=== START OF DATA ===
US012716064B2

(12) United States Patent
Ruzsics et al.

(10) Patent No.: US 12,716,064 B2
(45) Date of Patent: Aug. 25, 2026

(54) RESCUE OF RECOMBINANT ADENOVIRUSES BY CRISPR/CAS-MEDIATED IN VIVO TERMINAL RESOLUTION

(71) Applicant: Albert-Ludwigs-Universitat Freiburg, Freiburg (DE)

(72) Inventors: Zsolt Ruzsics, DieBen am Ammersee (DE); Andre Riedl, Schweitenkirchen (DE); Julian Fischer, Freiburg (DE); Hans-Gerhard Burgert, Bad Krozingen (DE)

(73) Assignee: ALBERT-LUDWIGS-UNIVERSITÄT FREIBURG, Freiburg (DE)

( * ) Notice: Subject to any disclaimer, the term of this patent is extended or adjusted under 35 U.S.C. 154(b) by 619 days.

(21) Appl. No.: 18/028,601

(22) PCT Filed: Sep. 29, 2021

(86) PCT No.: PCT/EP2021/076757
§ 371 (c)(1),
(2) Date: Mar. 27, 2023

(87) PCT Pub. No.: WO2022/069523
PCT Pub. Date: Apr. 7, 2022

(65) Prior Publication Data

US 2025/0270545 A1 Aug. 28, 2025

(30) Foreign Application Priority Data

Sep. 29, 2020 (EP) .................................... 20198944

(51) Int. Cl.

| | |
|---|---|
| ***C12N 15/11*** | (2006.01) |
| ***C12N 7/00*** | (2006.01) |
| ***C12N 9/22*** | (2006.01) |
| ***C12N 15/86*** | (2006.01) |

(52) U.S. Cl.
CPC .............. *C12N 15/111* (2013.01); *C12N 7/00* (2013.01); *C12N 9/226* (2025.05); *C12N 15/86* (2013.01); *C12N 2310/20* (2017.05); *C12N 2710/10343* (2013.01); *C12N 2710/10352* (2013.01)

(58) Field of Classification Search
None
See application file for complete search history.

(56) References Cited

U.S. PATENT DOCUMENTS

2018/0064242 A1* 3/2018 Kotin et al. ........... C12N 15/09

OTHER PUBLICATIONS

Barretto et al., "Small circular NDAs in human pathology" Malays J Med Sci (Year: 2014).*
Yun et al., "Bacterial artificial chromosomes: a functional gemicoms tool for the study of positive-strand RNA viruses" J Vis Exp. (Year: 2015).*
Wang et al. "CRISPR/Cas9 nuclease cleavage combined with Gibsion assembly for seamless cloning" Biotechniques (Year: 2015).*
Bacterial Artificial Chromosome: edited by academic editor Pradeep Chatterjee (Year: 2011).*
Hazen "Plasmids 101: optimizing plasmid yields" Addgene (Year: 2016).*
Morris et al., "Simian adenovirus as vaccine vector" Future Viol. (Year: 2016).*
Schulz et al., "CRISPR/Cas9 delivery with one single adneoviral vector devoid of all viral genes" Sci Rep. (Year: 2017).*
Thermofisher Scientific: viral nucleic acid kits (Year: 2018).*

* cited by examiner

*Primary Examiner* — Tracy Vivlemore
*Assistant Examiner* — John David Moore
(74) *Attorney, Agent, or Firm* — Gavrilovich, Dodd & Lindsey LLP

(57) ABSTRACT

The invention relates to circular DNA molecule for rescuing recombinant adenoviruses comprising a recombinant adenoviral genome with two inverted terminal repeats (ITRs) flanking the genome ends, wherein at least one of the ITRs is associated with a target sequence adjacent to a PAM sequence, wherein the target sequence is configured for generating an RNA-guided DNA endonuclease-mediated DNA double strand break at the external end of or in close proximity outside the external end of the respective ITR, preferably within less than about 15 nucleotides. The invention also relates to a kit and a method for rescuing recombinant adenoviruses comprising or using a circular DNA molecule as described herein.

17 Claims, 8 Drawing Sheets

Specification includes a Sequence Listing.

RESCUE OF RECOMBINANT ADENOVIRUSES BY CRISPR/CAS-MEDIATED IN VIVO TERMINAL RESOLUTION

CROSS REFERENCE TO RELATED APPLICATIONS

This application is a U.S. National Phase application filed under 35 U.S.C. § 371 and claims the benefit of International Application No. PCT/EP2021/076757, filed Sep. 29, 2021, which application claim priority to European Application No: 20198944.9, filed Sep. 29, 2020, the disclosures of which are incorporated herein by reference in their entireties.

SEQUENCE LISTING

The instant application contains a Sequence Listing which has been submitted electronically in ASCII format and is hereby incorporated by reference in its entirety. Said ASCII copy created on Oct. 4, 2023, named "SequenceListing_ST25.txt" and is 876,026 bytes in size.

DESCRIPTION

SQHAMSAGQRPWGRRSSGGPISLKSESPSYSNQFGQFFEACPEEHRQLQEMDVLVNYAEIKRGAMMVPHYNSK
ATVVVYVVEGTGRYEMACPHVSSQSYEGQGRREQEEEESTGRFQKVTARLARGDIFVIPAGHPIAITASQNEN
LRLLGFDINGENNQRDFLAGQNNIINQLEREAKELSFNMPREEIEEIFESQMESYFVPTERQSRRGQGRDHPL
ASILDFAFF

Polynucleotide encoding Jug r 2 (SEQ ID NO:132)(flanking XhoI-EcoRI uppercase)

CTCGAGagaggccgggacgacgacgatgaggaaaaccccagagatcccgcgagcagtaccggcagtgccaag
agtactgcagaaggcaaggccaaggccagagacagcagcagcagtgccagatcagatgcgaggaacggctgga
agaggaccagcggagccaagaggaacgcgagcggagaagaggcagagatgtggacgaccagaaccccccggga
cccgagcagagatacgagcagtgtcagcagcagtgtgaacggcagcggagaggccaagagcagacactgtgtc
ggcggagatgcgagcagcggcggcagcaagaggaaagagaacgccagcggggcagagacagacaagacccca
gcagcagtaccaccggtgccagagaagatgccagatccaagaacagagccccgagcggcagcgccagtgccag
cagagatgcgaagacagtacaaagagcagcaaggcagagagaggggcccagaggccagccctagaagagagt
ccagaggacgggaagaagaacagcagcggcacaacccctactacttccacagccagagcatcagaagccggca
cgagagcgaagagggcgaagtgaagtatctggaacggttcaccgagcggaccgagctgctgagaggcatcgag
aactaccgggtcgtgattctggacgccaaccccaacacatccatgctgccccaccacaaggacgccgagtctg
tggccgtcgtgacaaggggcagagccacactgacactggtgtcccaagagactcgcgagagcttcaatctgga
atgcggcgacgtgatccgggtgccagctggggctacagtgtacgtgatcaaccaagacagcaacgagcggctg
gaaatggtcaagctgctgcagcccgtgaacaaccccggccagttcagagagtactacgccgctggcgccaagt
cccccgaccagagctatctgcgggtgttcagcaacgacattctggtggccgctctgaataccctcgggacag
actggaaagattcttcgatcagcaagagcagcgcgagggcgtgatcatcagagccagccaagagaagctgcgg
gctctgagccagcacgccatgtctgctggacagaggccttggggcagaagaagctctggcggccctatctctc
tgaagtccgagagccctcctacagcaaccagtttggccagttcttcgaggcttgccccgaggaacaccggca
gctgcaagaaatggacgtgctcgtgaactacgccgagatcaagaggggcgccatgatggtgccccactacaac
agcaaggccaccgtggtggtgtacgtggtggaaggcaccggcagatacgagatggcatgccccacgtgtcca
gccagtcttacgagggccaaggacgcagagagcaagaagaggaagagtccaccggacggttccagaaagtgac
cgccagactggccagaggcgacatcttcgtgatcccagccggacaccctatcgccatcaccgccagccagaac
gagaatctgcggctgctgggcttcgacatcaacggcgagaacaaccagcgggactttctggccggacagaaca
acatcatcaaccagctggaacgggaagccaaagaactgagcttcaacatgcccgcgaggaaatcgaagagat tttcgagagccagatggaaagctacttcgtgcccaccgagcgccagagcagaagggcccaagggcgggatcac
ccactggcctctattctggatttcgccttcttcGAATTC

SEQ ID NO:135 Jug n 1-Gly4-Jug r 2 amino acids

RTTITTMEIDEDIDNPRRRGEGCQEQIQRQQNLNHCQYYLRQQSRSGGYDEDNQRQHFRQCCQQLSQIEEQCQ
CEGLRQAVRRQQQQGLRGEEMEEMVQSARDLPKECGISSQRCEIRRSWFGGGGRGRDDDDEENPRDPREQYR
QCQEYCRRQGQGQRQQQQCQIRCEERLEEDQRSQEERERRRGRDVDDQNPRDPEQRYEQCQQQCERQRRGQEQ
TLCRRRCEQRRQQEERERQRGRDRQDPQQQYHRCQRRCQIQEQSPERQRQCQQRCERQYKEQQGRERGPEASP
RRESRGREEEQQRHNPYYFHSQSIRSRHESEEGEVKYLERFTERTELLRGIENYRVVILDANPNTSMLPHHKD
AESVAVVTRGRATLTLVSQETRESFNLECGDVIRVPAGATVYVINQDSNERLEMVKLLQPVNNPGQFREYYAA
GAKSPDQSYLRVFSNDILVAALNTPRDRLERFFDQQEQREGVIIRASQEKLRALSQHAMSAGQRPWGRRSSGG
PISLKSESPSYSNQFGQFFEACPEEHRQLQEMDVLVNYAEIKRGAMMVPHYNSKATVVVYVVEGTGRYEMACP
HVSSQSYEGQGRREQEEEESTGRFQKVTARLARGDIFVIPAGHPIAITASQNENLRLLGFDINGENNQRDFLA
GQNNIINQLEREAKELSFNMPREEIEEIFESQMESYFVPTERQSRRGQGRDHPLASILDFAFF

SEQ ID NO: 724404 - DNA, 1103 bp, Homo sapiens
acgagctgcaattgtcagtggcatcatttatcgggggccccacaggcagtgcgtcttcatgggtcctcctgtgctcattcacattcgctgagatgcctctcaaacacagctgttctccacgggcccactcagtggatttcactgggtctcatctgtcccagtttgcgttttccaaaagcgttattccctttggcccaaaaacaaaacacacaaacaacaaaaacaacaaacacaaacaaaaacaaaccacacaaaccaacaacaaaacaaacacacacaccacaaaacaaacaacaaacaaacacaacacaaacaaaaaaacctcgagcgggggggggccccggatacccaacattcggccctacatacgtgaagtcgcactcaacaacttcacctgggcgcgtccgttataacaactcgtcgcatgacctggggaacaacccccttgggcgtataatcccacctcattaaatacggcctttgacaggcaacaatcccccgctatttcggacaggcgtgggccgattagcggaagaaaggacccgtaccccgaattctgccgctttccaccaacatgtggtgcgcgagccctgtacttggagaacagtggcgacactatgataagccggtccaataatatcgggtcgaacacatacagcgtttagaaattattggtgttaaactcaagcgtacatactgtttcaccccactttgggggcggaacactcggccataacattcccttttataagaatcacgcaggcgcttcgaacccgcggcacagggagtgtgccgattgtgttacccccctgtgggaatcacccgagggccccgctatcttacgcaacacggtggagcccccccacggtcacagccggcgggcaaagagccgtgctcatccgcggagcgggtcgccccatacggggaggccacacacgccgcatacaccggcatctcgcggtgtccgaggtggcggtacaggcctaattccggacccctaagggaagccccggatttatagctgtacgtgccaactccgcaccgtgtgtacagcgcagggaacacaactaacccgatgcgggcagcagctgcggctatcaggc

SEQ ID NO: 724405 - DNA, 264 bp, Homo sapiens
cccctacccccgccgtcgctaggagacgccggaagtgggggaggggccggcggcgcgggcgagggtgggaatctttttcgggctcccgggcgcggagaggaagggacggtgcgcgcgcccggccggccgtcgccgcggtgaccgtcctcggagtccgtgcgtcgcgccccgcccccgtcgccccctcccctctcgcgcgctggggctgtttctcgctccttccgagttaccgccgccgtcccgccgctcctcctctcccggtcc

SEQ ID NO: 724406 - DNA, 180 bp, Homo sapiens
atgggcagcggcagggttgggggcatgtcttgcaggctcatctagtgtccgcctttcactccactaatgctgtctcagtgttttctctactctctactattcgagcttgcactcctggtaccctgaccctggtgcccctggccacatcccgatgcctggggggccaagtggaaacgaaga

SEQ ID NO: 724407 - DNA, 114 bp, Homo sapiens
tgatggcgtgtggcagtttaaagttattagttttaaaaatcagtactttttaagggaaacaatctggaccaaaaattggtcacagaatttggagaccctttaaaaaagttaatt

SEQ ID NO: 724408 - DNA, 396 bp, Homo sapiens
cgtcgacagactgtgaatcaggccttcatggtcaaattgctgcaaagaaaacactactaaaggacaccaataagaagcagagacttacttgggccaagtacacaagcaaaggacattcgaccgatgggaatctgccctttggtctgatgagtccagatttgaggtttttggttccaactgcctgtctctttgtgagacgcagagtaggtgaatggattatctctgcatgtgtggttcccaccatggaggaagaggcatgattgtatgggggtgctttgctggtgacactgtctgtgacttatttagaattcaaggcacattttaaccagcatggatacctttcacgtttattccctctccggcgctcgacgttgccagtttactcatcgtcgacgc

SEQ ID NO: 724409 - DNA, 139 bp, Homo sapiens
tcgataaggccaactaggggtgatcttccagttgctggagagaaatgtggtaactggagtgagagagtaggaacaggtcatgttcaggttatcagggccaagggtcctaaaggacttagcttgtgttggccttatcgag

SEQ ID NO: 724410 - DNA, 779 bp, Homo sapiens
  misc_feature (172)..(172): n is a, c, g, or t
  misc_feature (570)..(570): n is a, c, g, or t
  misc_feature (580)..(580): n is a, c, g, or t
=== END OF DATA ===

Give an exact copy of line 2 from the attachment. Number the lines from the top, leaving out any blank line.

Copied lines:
(12) United States Patent